I’ve lost my flow but I hope you understand me.

    • MSH RPG Fans says:

      I agree. I play MSH RPG Advanced with my kids (13 and 7) and they love it. It’s an easy to pick up game that has a simple elegance that expands as you need it to. For me, it’s a perfect game as my kids love the comics and love playing super powered individuals. Not too complicated, fun and intuitive. One thing I did miss in the FASERIP system was level achievement similar to legacy D&D. That accomplishment. It’s much more piece by piece in MSH Advanced, power by power and ability by ability. Anyway, I agree that games need a simplicity.

  5. The Last Rogue says:

    Played it. Loved it. It is replacing my current PF campaign for the forseeable future.

    • greywulf says:

      Excellent! I would love to be able to run it, and strongly suspect that it does indeed play much better than it reads. Here’s hoping I can still convince my players so that I can give it a fair and proper playtest review.

  6. Thanks for the not-a-review. I’ve been fence-posting this. I’ve read a few of the other reviews, but it’s good to see an approach like yours (well, if it were a review, naturally).

  7. MSH RPG Fans says:

    Thanks for the non review. I’ve already purchased the book from Amazon, but I have been cruising around looking at the early word out. I had to chuckle at your “I got your entire blue cartridge, right here” comment. We’ve been trying to put together a community on Facebook, and get some info and tools and links out in a place that lots of people frequent. We’re old school fans of the FASERIP system, but we embrace the other systems too that Marvel RPG fans loved to play too like SAGA, etc. Thanks again for the review, check us out if you like.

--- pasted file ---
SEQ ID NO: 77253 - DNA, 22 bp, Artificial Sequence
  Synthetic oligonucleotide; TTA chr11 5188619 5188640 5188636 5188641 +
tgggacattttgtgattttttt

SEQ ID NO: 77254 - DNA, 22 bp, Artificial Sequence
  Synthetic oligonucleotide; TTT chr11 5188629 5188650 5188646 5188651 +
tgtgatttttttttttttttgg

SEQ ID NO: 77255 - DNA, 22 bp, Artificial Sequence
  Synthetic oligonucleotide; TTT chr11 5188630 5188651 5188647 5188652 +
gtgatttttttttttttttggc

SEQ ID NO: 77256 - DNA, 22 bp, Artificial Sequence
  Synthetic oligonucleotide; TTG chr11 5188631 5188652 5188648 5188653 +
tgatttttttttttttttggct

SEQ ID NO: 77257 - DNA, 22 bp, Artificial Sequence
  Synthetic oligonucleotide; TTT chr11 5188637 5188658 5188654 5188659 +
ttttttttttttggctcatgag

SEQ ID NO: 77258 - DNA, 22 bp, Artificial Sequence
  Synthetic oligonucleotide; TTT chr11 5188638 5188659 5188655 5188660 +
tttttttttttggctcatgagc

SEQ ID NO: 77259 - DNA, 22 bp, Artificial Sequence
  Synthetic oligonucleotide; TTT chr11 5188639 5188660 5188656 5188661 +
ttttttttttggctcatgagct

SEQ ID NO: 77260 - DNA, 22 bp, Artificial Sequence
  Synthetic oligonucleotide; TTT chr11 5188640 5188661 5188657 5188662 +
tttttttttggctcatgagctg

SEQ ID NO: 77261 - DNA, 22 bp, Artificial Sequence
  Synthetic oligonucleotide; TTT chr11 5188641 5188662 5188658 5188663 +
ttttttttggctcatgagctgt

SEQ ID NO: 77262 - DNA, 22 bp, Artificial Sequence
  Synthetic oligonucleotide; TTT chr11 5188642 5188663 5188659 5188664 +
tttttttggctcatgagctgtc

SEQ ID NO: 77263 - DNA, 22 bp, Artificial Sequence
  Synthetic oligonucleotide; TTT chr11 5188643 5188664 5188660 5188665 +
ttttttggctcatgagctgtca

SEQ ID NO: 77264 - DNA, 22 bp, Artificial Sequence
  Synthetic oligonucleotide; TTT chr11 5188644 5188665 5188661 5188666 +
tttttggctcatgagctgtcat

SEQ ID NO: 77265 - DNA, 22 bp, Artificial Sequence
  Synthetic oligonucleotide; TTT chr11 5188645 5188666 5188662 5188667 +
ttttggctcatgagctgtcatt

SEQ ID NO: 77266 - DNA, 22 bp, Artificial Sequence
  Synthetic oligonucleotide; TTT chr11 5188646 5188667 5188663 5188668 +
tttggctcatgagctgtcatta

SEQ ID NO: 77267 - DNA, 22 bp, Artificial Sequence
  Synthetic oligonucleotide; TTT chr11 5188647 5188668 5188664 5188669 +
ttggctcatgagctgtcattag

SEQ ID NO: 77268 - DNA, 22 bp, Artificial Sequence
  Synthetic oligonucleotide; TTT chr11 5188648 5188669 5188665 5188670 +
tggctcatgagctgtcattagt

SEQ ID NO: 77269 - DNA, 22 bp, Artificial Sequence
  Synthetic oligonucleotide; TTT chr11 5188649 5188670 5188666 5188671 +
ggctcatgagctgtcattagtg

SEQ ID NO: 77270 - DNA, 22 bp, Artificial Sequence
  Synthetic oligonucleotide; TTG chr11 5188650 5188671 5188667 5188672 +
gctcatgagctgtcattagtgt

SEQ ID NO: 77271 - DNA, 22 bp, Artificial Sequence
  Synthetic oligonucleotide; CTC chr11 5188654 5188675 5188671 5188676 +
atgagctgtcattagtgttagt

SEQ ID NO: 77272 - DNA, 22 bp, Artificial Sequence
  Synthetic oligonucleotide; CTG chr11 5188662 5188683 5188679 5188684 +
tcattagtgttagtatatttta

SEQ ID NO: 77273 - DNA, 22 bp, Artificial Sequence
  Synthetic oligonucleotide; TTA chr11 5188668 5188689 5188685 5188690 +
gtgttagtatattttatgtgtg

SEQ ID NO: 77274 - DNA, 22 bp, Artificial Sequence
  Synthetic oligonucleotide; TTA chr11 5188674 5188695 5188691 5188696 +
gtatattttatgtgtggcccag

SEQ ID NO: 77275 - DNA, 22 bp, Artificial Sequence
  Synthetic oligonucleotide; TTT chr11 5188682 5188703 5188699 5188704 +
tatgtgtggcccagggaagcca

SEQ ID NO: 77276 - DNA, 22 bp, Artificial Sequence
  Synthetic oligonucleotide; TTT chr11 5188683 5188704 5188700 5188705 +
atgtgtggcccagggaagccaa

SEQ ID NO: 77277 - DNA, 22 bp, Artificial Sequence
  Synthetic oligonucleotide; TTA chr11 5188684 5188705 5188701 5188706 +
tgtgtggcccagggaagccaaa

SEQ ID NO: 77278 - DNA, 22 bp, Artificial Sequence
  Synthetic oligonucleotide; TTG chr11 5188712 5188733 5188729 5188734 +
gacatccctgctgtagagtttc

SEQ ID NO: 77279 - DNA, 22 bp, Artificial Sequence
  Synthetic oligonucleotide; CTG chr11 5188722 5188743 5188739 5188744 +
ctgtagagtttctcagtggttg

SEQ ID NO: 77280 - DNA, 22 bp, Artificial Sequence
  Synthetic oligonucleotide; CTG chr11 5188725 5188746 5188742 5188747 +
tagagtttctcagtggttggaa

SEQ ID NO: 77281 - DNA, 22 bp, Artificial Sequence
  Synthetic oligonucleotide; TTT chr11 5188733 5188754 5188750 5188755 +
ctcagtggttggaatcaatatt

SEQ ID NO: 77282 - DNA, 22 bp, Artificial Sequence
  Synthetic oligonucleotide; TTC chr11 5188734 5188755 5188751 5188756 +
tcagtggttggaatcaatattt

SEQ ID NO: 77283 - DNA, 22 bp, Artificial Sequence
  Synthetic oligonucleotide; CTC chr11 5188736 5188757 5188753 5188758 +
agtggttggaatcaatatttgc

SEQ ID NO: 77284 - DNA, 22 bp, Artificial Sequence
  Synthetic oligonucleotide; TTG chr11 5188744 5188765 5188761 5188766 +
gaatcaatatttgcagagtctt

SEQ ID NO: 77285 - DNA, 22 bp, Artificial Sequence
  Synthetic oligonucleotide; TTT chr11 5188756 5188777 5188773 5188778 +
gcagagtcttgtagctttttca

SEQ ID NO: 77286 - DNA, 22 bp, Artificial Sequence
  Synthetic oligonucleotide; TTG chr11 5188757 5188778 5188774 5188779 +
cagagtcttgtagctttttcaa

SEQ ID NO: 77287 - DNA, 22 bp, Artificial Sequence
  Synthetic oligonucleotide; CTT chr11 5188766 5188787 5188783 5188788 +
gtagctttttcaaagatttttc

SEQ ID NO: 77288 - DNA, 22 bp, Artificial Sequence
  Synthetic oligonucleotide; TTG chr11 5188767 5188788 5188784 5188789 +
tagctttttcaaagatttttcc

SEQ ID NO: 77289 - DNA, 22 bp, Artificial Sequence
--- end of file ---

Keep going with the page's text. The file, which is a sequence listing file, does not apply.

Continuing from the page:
8. Buzz says:

    I’ve run this game twice so far, and I can tell you that it’s much simpler than it reads (though I thought it read pretty well). You would be well to grab the excellent cheat sheets created by John Stavropolous posted in this thread on Story games:
    http://story-games.com/forums/comments.php?DiscussionID=16004

    MHRP is not your typical supers RPG. Anyone weaned on Champions or FASERIP and inexperienced with indie games like, say, FATE, are going to feel a bit at sea when first experiencing this game. That said, giving up on this game after reading 15 pages means missing out on something very, very cool. MHRP is the most comic-book-like RPG I’ve yet played, with the possible exception of Truth & Justice. Once you get the gist of the system, it flows really well. It’s unfortunate that the rulebook is arranged so strangely.

    Lastly, I think faulting the rulebook for being graphics-heavy is a little unreasonable. The layout is beautiful and just drips with Marvel flair; as a supers comic RPG, I consider that a huge plus. If you need a hardcopy, the printed book is full-color and only $19.99. That’s far less than the cost of the ink you’d use in printing it out at home. Also, the hero data files and cheat sheets provided by MWP along with your PDF purchase are printer-friendly, as they are the most likely pages you’d need to print out.

    Anyway, I encourage you to give the game a shot, or try to get in a game of it at a local con or game day. I am along time Champions and V&V player and have owned or played a lot of other supers RPGs; I honestly think Marvel is one of the best yet.